The bottom picture is the Metcalf (I think it was) family reunion at the park on Saturday afternoon playing at three-legged races and the like.
  4. The left picture is one of the many bluffs and cliffs in the park in the unglaciated uplands. The forest is fairly wild, but with the standard CCC trails, steps and all.
    On the right, is a stream through one of the park canyons showing typical CCC stone work. The more 'domesticated' areas are favorites for picnics and reunions.

  5. The left is a statue commemorating the Civilian Conservation Corps workers who developed the park. The text below the statue says "The C.C.C. Worker--Dedicated to the young men who served in the Civilian Conservation Corps from 1933 to 1942 in Southern Illinois. Their work developed and preserved natural resources for future generations." CCC Chapter 102.
    The picture on the left is an observation platform that doubles as a water tower, or vice versa.
    I had written up way too much about this so cut it back severely. Anyone who wants the full treatment can dowload this pdf file with somewhat more discussion (xx k)
  6. David's book

    A sort of side bar to this is that looking for a paper "manual" to pack with the camera (lots of controls and custom functions, after all, just like the EOS digital cameras), I eBought a Hove Press 1993 Complete Canon User's Guide: EOS 5, A2e, A2, by Steve Bavister. Inside the front cover was a rather touching inscription, shown below. I don't know if David ever got his A2e, but I also found that he didn't pay much for the gamble of buying the book. The original sales slip was also inside the book showing that on that day (6/17/94) David paid only $1.00 (no tax) for the volume. I don't know how this obviously British edition got to Anchorage, AK within a year of publication and selling for only a dollar, but there you have it. If David is out there, finish the story for us.
  7. On this website, there is also a review/discussion of this camera as it was when it was new (link).
    The film was my first try at Kodak Ektra 100.
    That's all folks
  8. Ektar, not Ektra.
  9. Very well done. I enjoyed reading it. I would like to mention that Stewart's Photo remains in operation in Anchorage. I stop there whenever I am in the big city and buy something when I can, there are so few independent retailers anymore.
  10. What we are seeing here is the maturing of the EOS film cameras into essentially the same control and operating system used by the top end of digital EOS (two-wheel, top-LCD display, and viewfinder display).​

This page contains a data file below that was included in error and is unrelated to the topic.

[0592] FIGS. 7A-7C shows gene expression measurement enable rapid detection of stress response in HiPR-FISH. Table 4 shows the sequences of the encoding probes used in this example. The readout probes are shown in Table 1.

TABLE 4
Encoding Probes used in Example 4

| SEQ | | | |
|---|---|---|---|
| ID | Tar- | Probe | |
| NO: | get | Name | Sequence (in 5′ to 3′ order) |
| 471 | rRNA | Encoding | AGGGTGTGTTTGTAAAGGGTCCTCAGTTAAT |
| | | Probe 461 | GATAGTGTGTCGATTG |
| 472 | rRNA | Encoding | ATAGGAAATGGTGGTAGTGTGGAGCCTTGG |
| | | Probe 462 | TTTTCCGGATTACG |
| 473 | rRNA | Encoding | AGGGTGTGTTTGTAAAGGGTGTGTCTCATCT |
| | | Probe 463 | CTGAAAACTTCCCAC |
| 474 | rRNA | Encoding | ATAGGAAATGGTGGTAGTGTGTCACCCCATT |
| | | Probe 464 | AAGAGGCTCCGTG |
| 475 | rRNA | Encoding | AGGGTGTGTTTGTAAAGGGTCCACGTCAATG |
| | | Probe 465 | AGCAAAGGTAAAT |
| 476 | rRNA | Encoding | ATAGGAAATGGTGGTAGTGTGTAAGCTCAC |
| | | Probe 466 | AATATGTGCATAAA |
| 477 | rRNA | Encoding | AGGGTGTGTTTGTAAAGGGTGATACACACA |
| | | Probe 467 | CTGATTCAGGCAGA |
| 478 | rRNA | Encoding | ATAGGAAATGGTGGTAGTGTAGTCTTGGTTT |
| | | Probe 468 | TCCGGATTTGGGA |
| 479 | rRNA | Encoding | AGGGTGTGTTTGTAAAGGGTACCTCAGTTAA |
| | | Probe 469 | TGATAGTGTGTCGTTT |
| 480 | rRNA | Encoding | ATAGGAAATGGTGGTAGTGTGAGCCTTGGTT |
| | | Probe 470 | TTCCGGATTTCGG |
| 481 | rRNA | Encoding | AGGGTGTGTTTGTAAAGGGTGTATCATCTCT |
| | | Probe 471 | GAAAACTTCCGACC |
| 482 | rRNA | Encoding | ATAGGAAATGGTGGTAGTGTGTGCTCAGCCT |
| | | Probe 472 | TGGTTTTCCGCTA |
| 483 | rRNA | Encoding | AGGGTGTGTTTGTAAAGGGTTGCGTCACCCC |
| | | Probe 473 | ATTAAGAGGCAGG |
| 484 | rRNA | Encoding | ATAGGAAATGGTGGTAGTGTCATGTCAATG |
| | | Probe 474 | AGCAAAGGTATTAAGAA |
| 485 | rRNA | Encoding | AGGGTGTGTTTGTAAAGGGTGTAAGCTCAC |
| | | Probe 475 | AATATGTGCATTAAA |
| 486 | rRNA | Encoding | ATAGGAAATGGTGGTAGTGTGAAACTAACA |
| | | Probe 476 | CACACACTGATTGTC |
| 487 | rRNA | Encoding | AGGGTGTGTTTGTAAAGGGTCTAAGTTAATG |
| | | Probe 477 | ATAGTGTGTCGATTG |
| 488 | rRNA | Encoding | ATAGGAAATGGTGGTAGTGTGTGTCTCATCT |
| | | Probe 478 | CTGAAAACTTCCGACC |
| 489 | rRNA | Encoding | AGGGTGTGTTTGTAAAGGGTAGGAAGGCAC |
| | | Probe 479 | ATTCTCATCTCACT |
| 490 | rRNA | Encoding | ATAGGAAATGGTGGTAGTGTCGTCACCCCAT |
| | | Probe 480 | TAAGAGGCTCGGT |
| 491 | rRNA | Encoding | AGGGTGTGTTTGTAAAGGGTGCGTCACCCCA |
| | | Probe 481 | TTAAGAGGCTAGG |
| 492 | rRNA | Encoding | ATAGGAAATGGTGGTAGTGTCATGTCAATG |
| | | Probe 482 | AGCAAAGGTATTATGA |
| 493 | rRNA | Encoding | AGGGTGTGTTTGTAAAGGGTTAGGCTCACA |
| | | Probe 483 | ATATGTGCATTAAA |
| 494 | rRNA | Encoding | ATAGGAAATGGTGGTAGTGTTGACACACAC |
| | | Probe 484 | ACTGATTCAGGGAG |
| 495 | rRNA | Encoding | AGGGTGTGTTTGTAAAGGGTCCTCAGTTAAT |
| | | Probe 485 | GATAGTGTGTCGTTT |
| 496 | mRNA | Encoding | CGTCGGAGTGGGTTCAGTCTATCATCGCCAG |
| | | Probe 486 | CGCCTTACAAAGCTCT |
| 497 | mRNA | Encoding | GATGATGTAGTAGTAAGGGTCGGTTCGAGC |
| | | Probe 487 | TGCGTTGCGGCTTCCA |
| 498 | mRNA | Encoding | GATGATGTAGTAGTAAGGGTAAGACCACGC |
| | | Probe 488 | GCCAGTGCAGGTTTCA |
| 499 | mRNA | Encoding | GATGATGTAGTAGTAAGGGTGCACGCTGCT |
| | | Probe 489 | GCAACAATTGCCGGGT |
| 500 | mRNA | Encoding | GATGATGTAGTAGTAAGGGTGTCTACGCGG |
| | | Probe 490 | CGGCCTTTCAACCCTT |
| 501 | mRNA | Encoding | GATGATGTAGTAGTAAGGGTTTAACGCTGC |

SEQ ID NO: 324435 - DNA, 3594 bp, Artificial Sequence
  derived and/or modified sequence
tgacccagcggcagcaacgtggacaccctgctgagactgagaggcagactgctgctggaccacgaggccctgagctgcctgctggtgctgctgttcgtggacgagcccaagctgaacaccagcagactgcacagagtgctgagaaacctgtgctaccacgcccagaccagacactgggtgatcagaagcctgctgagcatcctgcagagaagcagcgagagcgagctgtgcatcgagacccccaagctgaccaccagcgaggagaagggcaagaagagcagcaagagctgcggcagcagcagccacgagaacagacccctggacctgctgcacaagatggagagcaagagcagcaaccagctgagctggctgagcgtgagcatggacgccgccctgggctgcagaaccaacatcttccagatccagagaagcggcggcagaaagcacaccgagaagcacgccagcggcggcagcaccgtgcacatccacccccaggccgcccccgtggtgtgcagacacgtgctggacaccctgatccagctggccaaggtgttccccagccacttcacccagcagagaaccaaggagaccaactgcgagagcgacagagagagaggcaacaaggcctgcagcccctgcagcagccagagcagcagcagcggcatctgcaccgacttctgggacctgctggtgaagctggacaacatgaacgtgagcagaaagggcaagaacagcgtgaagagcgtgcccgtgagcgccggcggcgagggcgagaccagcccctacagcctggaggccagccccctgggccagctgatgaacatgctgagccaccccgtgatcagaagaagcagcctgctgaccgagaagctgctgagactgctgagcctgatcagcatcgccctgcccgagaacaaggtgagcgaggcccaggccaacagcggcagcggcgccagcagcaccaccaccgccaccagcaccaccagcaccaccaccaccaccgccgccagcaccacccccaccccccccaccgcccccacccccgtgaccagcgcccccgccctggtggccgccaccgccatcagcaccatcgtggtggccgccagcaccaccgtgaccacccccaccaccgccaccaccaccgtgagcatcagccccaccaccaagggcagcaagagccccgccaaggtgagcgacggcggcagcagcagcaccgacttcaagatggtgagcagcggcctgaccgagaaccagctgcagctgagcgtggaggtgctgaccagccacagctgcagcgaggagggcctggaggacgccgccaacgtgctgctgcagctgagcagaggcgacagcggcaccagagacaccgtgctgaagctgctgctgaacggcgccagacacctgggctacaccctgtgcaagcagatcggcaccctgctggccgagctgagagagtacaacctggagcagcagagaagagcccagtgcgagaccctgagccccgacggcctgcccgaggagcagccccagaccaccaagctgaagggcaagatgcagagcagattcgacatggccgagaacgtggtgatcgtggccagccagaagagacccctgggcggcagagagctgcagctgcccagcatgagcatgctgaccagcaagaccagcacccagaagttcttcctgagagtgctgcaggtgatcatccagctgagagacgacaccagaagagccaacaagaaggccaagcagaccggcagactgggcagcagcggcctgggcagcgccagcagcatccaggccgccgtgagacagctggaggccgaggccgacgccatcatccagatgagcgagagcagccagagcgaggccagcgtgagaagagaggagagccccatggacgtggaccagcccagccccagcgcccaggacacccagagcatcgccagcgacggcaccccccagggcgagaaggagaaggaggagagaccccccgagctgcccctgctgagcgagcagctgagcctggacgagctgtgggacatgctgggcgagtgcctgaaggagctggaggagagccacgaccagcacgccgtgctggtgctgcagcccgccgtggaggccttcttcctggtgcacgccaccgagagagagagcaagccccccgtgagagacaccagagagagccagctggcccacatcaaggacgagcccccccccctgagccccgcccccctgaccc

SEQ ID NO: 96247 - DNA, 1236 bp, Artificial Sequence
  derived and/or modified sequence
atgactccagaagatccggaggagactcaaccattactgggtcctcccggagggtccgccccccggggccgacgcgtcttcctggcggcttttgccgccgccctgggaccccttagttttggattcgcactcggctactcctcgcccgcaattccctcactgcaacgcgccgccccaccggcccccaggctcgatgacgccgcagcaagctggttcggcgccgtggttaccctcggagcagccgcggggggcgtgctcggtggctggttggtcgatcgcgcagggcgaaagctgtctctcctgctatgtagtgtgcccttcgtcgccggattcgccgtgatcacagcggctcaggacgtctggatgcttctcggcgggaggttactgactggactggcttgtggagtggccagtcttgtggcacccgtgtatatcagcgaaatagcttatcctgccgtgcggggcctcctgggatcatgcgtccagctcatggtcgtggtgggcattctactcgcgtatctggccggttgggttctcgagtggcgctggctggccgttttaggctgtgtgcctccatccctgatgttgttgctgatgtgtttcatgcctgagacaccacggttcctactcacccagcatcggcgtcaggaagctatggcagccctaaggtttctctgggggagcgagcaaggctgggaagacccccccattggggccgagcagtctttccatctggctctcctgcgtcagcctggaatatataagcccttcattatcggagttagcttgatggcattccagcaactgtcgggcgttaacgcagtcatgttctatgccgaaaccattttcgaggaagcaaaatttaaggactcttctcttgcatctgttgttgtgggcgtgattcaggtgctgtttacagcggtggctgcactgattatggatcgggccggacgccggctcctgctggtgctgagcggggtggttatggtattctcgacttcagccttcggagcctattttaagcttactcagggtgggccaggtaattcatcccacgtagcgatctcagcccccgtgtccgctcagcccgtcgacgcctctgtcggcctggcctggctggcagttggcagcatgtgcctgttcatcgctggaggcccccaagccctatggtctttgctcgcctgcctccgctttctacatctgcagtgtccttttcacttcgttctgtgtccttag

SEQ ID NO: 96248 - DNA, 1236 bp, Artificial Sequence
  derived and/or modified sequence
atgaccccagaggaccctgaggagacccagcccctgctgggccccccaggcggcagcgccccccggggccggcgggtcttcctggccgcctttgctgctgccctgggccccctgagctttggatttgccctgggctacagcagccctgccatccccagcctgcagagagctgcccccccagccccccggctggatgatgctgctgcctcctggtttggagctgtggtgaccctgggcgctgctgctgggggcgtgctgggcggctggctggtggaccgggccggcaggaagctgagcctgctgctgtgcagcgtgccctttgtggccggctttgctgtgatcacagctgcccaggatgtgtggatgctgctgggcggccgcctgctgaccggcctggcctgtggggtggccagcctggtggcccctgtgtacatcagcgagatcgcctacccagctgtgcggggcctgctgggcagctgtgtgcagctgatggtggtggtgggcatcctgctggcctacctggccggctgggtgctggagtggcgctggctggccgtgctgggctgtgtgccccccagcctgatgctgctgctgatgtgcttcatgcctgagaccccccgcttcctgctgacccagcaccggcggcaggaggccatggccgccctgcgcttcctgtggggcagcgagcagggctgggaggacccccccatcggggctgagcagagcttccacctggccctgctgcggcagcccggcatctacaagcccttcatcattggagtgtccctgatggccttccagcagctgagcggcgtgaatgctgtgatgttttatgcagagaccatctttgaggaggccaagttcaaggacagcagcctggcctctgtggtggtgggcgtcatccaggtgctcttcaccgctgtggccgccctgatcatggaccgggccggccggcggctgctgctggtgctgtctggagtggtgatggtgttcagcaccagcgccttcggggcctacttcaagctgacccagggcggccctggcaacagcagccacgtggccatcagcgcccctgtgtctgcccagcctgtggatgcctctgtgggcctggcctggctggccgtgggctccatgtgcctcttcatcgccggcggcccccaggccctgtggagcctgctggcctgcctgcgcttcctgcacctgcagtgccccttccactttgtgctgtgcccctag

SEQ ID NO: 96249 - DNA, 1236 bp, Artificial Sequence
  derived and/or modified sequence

Actually the "two-wheel, top-LCD display, and viewfinder display" was introduced with the EOS 1. The the 1991 Elan (EOS 100) was the first consumer camera with such controls. The EOS 5 merely copied the basic layout without change.
  11. Thanks for posting, this was my first reflex, back in 1996, with a 28-105 f/3.5-4.5 that came with the kit. I haven't used the camera since many years, but that old lens is still handy sometimes
  12. Actually, the earlier use of the system on the EOS 1 is spelled out in the lengthier version in the pdf, but inadvertently was left out here. I'm afraid I was unaware that the Elan had used it as well. I would still include the 5 in the "maturing" (not "born in").
  13. Love this camera. Borrowed from a relative and have had it for a few months now. Mine is just the A2 not the A2e, but it picks up the correct focus point quickly anyway. Very light, I just finished a roll of Ektar 100 as well, I'll post some of my results to add to the post when I get them back.
  14. I had an EOS 5 —great camera.
  15. I used an EOS A2 for over 10 years (!), albeit running through 2 of them. Beat the crap out of those plastic fantastic boxes and they rarely flinched. They did flex a lot both in hand and on the ground! Bounce well too. I also managed to eat up a few command dials. My old review:
  16. Nice writeup. Even longer than my pdf. If I had found it, I would have linked to it for sure.
    Even as I write, two more Canon EOS historical cameras are winging their way to me -- A Canon EOS 10s and (ta'da') a Canon EOS 3. So the 'series' will definitely have at least a couple of more entries.
    I'm trying to get a nice EOS 1 (not the n or later versions) but people keep having the bad taste to bid higher than I.
  17. Awesome write-up, JDM. The A2 was the camera that really got me hooked on photography. Mine traveled everywhere with me, including a 3-week trip to Indonesia in the mid-90s. I finally wore out the shutter on mine after 6 years and hundreds and hundreds of rolls of film, but still got it fixed even though I replaced it with a 1vHS. I sold mine a couple of years ago and felt horrible after doing so, but I recently got another in mint condition, complete with VG-10 grip and 430EZ Speedlite. What a great camera! It's definitely one of my all-time favorites and still feels good to use today. Thanks for this post. I love these historical posts and really look forward to them.